im broken and angry and sad and dont know what to do, i cant cope with them at the moment or my house or my own care, i feel ill and my hair is falling out......Every night i want an early night but to get a break and time to myself i stay up too late, then the fighting and humming all starts again far tooooo early in the morning. Its relentless, never ending....and i feel i dont desearve to be a mum, i shout and there hands go straight on their ears, or they run away...at the moment things are bad. Im waiting to cope of things to be better.....even my mum and dad cant cope I have never had a night without my children....sorry to be so negative but today I dont see a brightside...maybe tomorrow will be better!!from mum trying to cope

CoolAsKittens said...

Anyone looked into Parent Management Training? I hear the methods used in it are helpful to teach parents of kids with behavioral problems how to deal with them, if used properly. I've read up a bit that it's been used with a lot of success for kids with oppositional defiant disorders, autism and such, just wondering if anyone's heard of this or tried it?

My child has been rejected by his peers, ridiculed and bullied !!!

Social rejection has devastating effects in many areas of functioning. Because the Aspergers child tends to internalize how others treat him, rejection damages self-esteem and often causes anxiety and depression. As the child feels worse about himself and becomes more anxious and depressed – he performs worse, socially and intellectually. Thus, the best treatment for Aspergers children and teens is, without a doubt, “social skills training.”

Click here to read the full article…

How to Prevent Meltdowns in Aspergers Children

Meltdowns are not a pretty sight. They are somewhat like overblown temper tantrums, but unlike tantrums, meltdowns can last anywhere from ten minutes to over an hour. When it starts, the Asperger's child is totally out-of-control. When it ends, both you and the Asperger’s child are totally exhausted. But... don’t breathe a sigh of relief yet. At the least provocation, for the remainder of that day -- and sometimes into the next - the meltdown can return in full force.

Click here for the full article...

Parenting Defiant Aspergers Teens

Although Aspergers is at the milder end of the autism spectrum, the challenges parents face when disciplining a teenager with Aspergers are more difficult than they would be with an average teen. Complicated by defiant behavior, the Aspergers teen is at risk for even greater difficulties on multiple levels – unless the parents’ disciplinary techniques are tailored to their child's special needs.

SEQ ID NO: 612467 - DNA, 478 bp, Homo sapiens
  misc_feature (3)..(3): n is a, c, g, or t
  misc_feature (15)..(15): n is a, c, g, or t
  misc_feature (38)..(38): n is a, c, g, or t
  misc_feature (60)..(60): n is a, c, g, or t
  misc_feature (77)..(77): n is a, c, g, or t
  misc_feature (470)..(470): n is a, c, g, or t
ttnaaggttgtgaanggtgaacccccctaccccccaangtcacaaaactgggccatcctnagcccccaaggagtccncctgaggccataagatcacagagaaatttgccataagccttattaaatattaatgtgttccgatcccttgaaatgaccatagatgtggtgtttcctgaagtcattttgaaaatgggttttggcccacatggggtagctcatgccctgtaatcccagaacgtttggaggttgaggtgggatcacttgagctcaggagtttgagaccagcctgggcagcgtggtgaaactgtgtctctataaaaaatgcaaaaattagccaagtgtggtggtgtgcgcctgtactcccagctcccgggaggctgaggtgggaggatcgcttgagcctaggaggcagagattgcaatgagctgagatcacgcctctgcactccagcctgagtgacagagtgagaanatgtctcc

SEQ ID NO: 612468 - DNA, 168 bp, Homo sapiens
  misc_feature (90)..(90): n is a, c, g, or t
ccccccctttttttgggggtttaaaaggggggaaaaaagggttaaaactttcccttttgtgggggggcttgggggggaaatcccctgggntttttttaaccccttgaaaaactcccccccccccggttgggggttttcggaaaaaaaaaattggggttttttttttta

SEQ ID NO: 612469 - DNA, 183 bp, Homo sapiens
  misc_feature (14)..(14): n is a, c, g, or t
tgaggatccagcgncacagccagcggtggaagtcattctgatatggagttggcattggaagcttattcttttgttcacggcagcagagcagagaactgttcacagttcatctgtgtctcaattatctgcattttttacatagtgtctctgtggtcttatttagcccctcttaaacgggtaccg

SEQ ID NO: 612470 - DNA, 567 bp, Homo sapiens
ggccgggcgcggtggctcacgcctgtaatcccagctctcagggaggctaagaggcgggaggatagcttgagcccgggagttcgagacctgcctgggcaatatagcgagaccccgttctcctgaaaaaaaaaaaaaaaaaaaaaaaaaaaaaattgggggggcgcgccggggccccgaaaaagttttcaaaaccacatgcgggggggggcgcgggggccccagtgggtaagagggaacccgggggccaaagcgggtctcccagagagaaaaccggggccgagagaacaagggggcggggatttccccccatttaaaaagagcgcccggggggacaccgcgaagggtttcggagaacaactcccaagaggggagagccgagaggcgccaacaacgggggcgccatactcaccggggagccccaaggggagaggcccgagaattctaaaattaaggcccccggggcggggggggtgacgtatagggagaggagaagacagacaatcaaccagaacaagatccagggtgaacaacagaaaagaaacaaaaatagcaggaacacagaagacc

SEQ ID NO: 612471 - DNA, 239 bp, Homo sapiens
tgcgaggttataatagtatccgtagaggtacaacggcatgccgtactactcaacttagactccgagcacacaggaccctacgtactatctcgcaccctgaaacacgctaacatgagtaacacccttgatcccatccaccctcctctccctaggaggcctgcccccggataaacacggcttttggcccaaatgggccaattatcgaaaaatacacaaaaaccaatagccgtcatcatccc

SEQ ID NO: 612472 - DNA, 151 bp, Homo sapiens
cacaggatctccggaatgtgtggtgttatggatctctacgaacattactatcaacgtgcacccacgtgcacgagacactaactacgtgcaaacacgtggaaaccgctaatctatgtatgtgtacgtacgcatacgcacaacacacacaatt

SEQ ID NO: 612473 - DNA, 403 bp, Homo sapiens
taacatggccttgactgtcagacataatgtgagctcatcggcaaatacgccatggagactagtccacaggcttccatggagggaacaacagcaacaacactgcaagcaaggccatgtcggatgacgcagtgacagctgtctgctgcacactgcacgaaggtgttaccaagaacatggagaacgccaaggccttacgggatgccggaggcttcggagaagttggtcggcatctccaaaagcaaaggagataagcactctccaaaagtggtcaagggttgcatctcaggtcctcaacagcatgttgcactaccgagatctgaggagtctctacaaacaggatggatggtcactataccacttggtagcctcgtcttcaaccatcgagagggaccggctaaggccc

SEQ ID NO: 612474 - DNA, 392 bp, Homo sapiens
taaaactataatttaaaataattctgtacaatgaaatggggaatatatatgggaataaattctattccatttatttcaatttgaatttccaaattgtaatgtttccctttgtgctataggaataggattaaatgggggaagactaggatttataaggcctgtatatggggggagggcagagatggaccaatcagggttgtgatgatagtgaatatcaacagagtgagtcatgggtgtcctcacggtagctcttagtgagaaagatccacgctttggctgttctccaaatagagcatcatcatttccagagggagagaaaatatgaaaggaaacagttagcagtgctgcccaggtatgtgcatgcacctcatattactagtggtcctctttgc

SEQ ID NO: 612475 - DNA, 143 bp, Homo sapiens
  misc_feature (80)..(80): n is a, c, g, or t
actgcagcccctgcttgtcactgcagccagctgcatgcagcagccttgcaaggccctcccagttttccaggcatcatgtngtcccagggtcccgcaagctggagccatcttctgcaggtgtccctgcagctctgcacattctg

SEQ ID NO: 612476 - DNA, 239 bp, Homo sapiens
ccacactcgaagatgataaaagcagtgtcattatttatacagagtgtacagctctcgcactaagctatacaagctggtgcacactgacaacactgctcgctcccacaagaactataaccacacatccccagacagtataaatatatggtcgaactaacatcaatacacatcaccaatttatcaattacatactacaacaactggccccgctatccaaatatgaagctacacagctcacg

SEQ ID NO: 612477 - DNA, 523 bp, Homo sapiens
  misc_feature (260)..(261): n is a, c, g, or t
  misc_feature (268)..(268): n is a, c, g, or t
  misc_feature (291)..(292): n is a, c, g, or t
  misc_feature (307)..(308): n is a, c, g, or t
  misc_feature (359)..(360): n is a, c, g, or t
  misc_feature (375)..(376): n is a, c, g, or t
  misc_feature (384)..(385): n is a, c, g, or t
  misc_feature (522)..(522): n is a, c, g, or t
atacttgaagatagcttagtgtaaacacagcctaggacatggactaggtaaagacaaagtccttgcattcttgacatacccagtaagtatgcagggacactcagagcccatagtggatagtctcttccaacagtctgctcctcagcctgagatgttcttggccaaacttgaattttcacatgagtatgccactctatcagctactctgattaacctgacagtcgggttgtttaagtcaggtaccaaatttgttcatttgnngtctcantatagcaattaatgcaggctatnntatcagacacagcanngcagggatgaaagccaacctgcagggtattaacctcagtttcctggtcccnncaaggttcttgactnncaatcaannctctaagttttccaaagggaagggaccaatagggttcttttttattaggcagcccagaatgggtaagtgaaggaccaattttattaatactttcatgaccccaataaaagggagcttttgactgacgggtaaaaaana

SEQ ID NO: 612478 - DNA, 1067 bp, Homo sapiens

Click here to read the full article…

Aspergers Children “Block-Out” Their Emotions

Parenting children with Aspergers and HFA can be a daunting task. In layman’s terms, Aspergers is a developmental disability that affects the way children develop and understand the world around them, and is directly linked to their senses and sensory processing. This means they often use certain behaviors to block out their emotions or response to pain.

Click here to read the full article…

Older Teens and Young Adult Children With Aspergers Still Living At Home

Your older teenager or young “adult child” isn’t sure what to do, and he is asking you for money every few days. How do you cut the purse strings and teach him to be independent? Parents of teens with Aspergers face many problems that other parents do not. Time is running out for teaching their adolescent how to become an independent adult. As one mother put it, "There's so little time, yet so much left to do."

Click here to read the full article…

Living with an Aspergers Spouse/Partner

Research reveals that the divorce rate for people with Aspergers is around 80%. Why so high!? The answer may be found in how the symptoms of Aspergers affect intimate relationships. People with Aspergers often find it difficult to understand others and express themselves. They may seem to lose interest in people over time, appear aloof, and are often mistaken as self-centered, vain individuals.

Click here to read the full article…

Online Parent Coaching for Parents of Asperger's Children

If you’re the parent of a child with Aspergers or High-Functioning Autism, you know it can be a struggle from time to time. Your child may be experiencing: obsessive routines; problems coping in social situations; intense tantrums and meltdowns; over-sensitivity to sounds, tastes, smells and sights; preoccupation with one subject of interest; and being overwhelmed by even the smallest of changes. The hardest part is you feel like you’ll never actually get to know your child and how he/she views the world.

Click here to read the full article...